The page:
-ftest-coverageflags. The application should be executed from the directory in which it was compiled, and for gcov to work on user space programs, the application must exit normally. The process for using lcov with an application is as follows:

1. Run the program following your test procedure, and exit.

2. lcov --directory [dirname] -c -o application.info

3. genhtml -o [outputdir] application.info

lcov can also be used to manipulate .info files. Information describing coverage data about files in a

.infofile may be extracted or removed. Runninglcov --extract file.info PATTERNwill show just the data in the.infofile matching the given pattern. Runninglcov --remove file.info PATTERNwill show all data in the given .info file except for the records matching the pattern, thus removing that record. Data contained in.infofiles may also be combined by running lcov -a file1.info -a file2.info -a file3.info... -o output.info, which produces a single file (output.info) containing the data from all files passed to lcov with the-aoption.

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Results & Conclusions

The gcov-kernel patch overhead was estimated by comparing compile times for the Linux kernel. Specif-ically, each test kernel was booted and the time required to compile (execute make bzImage) the Linux 2.5.50 kernel was measured. Runtimes, as measured by /bin/time, show 91.62+1090.38 seconds of ker-nel+user time to compile the kernel without the gcov-kernel patch. A patched kernel took 113.17+1103.63 seconds to compile. Even though the patch increased the kernel time by about 23%, most applications spend a small percentage of their time in the kernel. In our test, the compile spent less than 10% of the time in the kernel, so the observed overall gcov-kernel patch overhead is about 3% of the combined kernel and user space runtime. See the Ottawa Linux Symposium paper [3] for more on the gcov-kernel patch overhead.

The real benefit of code coverage analysis is that it can be used to analyze and improve the coverage provided by a test suite. In this case, the test suite being improved is the Linux Test Project. 100% code coverage is necessary (but not sufficient) for complete functional testing. It is an important goal of the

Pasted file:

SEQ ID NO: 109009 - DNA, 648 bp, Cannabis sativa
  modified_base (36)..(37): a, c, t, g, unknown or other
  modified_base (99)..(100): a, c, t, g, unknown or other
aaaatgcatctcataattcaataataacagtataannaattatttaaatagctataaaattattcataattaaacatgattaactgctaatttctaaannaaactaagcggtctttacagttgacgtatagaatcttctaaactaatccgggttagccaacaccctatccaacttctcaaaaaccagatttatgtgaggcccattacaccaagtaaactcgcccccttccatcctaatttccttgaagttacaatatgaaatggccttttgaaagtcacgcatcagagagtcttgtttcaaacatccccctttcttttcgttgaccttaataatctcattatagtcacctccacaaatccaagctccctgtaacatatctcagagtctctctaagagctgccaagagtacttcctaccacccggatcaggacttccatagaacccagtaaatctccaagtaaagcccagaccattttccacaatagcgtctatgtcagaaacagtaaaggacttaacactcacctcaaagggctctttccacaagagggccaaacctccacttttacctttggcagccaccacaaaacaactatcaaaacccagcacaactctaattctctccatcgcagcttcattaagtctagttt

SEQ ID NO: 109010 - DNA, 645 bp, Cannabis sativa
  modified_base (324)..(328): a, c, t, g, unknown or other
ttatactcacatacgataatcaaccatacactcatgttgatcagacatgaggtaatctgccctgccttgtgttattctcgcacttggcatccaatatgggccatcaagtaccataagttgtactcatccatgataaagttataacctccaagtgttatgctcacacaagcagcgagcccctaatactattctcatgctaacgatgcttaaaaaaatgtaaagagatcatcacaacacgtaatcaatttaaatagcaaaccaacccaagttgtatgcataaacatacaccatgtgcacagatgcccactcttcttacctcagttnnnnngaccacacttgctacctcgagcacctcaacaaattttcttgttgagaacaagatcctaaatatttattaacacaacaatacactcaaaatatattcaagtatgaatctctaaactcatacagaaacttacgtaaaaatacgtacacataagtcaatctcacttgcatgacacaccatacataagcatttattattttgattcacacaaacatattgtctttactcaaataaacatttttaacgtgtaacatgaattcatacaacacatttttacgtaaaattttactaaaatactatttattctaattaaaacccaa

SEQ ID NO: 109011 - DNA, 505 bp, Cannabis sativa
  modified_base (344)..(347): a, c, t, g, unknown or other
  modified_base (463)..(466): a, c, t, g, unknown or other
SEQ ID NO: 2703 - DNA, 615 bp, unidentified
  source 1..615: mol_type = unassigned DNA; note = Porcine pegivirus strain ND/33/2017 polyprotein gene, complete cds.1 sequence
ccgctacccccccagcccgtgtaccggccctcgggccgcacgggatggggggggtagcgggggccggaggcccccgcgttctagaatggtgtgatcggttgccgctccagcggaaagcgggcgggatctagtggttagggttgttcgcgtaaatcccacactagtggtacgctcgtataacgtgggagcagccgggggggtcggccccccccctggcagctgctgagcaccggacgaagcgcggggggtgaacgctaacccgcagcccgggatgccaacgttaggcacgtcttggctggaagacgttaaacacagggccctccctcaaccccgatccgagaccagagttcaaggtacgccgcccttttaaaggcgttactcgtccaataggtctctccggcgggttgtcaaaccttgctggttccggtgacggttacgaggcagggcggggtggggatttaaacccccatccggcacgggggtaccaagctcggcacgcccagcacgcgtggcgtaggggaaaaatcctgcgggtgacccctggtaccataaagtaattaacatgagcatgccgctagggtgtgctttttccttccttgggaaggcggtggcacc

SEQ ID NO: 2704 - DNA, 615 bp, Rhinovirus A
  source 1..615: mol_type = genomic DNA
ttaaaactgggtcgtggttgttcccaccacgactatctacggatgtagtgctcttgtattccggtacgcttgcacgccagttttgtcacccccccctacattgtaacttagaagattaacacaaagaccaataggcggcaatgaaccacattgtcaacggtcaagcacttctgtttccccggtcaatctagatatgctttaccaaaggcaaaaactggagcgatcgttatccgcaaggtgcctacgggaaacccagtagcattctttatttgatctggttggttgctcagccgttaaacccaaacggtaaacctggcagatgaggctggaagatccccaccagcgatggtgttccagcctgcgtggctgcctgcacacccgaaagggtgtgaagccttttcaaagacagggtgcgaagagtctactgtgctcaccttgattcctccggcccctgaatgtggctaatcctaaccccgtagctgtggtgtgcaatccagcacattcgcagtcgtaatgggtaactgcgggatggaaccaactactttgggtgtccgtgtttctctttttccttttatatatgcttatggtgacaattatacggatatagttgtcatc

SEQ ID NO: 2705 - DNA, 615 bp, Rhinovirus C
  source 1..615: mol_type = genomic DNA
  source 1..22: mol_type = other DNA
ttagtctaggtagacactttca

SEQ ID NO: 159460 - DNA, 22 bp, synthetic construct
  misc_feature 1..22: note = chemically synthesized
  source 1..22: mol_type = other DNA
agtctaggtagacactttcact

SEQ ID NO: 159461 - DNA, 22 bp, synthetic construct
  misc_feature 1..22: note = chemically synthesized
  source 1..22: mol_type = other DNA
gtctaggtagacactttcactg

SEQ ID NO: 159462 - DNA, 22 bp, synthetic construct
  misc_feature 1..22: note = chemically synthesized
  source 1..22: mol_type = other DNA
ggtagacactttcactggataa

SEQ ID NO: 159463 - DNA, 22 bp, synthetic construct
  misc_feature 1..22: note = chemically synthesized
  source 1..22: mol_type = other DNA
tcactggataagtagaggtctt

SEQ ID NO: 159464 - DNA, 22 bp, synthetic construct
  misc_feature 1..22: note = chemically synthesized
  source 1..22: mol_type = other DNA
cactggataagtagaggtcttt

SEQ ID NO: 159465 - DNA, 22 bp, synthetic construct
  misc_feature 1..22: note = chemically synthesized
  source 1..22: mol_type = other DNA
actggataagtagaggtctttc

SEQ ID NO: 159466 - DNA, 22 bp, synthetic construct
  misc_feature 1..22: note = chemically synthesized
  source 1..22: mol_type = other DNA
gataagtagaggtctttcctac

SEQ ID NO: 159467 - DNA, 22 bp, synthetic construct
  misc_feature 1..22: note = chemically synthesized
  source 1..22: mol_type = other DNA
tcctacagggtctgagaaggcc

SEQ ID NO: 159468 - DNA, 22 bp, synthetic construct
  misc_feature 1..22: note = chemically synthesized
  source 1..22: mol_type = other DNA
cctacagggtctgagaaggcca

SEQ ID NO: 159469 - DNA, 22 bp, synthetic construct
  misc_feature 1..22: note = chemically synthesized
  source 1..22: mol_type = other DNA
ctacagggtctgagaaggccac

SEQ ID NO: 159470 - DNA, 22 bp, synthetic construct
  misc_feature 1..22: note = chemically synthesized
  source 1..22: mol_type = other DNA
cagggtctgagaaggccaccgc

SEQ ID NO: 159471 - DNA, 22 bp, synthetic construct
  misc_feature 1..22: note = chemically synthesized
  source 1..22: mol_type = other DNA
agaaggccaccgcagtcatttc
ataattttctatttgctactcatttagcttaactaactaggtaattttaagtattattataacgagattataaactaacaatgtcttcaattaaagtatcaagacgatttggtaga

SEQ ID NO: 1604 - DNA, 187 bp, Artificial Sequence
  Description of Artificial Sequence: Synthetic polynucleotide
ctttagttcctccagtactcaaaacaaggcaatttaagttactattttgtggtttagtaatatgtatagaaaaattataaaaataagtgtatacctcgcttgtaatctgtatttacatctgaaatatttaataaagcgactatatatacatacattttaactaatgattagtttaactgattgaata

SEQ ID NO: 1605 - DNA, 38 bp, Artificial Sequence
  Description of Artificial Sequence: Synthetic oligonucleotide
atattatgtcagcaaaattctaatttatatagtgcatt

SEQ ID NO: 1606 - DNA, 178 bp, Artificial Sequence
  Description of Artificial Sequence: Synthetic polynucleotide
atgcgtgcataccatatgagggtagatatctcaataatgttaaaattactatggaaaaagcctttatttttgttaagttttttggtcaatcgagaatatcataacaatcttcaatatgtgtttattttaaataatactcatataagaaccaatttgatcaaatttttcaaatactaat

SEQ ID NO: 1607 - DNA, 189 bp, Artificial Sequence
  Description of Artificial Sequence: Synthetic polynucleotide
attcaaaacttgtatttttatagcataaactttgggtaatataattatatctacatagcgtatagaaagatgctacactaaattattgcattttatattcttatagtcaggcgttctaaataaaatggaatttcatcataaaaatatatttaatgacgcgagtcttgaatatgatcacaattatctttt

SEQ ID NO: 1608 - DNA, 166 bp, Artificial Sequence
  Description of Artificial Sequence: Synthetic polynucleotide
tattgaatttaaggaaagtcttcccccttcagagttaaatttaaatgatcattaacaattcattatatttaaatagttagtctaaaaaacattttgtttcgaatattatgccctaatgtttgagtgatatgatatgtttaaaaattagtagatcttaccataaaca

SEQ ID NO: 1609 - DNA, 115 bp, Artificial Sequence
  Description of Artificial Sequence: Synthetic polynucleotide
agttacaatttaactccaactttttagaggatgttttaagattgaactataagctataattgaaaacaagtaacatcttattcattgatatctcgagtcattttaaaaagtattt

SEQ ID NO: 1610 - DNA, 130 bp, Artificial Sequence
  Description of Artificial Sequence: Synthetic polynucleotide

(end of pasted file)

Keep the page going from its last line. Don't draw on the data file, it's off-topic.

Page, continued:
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LTP to improve coverage by identifying untested regions of kernel code. This section provides a measure of LTP coverage and how the gcov-kernel patch has improved the LTP suite.

The gcov-kernel patch and LTP tool and test suite make the valuable gcov software coverage package available to kernel developers. gcov allows developers to measure the effectiveness of their testing efforts.

References

[1] Code Coverage Analysis. http://www.bullseye.com/coverage.html.

[2] GCOV-kernel. http://ltp.sourceforge.net/coverage/gcov-kernel.php.

[3] P. Larson, N. Hinds, H. Franke, and R. Ravindran. Improving the linux test project with kernel code coverage analysis. In2003 Ottawa Linux Symposium, July 2003.

[4] LCOV. http://ltp.sourceforge.net/coverage/lcov.php.

[5] B. Marick. The Craft of Software Testing. Prentice Hall, 1995.

[6] W. E. Perry. Effective Methods for Software Testing. Wiley Computer Publishing, second edition edition, 2000.

Legal Statement

This work represents the view of the authors and does not necessarily represent the view of IBM. Linux is a registered trademark of Linus Torvalds.

Figure

Figure 2: Partial lcov output for fs/jfs

Figure 2:

Partial lcov output for fs/jfs p.4
Figure 3: Example lcov output for a file

Figure 3:

Example lcov output for a file p.4

References

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Related subjects : Linux kernel Coverage data